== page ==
• The mean free path of the evaporated molecules is larger than the hole size.
  • Drawback:low intensity of the clusters.

b) Aggregation Sources

  • Evaporated molecules of the sampled are cooled by a colder gas. It helps the molecules to condense and clusters are generated.
  • In comparison to Knusden source it provides more intense and bigger clusters
  • Drawback: The problem of reproducibility.

c) Supersonic cluster source

  • Expansion of the high-pressure gas through a small hole. Molecules make lots of collisions during the expansion. Adiabatic cooling happens. This very cold environment leads to the condensation of molecules and cluster generation.
  • It is the preferred method for the generation of molecular clusters.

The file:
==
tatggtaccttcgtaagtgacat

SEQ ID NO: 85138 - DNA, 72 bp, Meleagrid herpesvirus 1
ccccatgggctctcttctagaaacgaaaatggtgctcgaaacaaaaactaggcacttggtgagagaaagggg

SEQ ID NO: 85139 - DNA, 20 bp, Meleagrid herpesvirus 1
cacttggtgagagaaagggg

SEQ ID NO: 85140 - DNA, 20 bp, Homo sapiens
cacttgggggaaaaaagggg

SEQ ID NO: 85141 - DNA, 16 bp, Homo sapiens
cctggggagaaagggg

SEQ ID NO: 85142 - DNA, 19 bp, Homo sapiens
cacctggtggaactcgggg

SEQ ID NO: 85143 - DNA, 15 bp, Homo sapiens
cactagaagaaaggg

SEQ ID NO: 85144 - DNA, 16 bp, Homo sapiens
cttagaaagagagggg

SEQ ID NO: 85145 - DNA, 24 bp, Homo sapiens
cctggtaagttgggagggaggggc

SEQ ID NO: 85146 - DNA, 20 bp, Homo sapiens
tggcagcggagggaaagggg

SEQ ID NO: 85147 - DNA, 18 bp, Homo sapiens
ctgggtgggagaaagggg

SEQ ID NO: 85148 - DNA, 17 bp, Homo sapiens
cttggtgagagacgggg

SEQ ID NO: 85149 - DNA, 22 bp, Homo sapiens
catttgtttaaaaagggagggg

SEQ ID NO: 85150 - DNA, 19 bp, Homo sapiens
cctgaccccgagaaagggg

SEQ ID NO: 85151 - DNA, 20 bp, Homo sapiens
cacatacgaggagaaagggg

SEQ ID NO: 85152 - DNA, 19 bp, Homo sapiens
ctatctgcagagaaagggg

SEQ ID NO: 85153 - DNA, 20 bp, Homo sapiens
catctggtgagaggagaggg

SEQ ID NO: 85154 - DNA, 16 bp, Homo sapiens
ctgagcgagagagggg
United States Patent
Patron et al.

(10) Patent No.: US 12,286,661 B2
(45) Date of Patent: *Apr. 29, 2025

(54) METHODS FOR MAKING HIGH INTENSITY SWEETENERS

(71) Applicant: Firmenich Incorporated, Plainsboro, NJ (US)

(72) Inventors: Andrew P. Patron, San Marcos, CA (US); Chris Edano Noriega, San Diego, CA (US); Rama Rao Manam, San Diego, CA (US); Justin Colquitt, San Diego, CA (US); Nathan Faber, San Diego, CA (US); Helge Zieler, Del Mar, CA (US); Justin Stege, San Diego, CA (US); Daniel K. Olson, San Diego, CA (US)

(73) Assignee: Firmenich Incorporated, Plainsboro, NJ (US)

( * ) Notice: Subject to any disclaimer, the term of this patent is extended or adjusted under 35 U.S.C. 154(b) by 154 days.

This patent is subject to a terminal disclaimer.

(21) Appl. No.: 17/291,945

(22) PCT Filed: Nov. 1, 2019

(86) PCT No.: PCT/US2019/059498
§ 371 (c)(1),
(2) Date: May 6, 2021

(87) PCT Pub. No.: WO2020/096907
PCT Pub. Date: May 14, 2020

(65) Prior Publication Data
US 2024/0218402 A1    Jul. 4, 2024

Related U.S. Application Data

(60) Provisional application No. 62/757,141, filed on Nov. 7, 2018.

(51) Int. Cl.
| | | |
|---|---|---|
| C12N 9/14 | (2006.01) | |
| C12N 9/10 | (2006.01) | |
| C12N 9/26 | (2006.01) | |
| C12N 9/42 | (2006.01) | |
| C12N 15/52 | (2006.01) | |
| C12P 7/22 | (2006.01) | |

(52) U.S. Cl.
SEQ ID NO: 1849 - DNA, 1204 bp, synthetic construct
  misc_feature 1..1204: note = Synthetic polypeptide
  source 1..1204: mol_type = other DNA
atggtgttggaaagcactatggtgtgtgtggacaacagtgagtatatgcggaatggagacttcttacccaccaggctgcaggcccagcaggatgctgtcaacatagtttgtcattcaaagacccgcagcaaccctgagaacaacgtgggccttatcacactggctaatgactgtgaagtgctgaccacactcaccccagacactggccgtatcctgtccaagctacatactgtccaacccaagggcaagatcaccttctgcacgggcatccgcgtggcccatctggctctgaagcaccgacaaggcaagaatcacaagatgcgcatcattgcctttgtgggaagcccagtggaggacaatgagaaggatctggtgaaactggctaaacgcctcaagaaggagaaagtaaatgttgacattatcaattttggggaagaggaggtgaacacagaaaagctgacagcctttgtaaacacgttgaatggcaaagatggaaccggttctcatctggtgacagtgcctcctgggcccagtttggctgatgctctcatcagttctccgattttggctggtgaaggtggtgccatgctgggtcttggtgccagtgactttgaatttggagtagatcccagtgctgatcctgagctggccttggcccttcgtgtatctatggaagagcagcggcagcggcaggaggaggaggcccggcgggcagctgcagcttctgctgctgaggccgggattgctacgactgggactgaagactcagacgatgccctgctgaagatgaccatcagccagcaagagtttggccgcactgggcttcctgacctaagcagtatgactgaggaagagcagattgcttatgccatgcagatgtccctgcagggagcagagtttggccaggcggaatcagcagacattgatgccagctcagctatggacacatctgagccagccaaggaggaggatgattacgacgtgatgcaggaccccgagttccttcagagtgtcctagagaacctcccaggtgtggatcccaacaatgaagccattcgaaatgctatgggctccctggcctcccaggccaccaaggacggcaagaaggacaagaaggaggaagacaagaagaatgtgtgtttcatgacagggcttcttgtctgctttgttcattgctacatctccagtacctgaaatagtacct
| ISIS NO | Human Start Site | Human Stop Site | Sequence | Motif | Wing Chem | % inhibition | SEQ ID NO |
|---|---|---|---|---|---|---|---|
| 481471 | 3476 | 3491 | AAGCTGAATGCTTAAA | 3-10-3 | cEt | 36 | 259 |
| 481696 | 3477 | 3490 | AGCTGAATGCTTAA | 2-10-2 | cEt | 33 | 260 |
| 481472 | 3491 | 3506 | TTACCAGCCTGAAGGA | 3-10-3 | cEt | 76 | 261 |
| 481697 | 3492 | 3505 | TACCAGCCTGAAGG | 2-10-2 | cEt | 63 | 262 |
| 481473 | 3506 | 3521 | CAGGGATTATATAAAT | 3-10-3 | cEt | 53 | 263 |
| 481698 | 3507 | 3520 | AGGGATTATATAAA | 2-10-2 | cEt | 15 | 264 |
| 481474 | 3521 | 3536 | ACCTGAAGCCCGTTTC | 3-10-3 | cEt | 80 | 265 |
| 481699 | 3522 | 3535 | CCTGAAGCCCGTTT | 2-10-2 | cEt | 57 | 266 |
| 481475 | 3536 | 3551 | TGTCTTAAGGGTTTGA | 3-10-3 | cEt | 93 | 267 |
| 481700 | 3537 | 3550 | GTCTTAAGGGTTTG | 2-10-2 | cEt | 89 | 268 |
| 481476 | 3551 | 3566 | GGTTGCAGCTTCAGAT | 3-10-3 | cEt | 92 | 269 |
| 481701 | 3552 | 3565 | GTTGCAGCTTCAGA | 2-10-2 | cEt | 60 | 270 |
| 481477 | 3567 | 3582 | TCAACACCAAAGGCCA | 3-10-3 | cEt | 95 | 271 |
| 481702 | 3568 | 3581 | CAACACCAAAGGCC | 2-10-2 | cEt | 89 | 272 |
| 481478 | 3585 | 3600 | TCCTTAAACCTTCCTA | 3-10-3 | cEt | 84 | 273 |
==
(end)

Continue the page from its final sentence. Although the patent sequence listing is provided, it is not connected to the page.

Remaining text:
New supersonic molecular cluster source

  • Organic clusters are molecular clusters and their preferred method of generation is supersonic expansion. The essential component for this purpose is a high-temperature pulsed valve. The maximum operating temperature of the commercially available high-temperature pulsed valves (300°C) is much less than our required temperature (600°C). So, a new high-temperature pulsed valve was designed and constructed.
  • This new design combines the idea of Li & Lubman with the solenoid of a General-Parker pulsed valve as an actuator.
  • In the design of Li & Lubman, all the parts are made of metal so the temperature of the valve head can be increased a lot. In fact, the Teflon poppet and viton o-ring limit the maximum operating temperature of the General-Parker valve. The other aspect of the Li & Lubman design is the distance between the heated head of the valve and the actuator which let the actuator be cooled by water and protects it from the high-temperature of the nozzle.
  • The drawback of Li & Lubman design is the bad metal-metal sealing of the nozzle. We removed this drawback by using a hard metal (steel) and a soft metal (copper). This modification works well and our valve has very good sealing.

  • In this new design, the solenoid of the General-Parker pulsed valve is used as the actuator.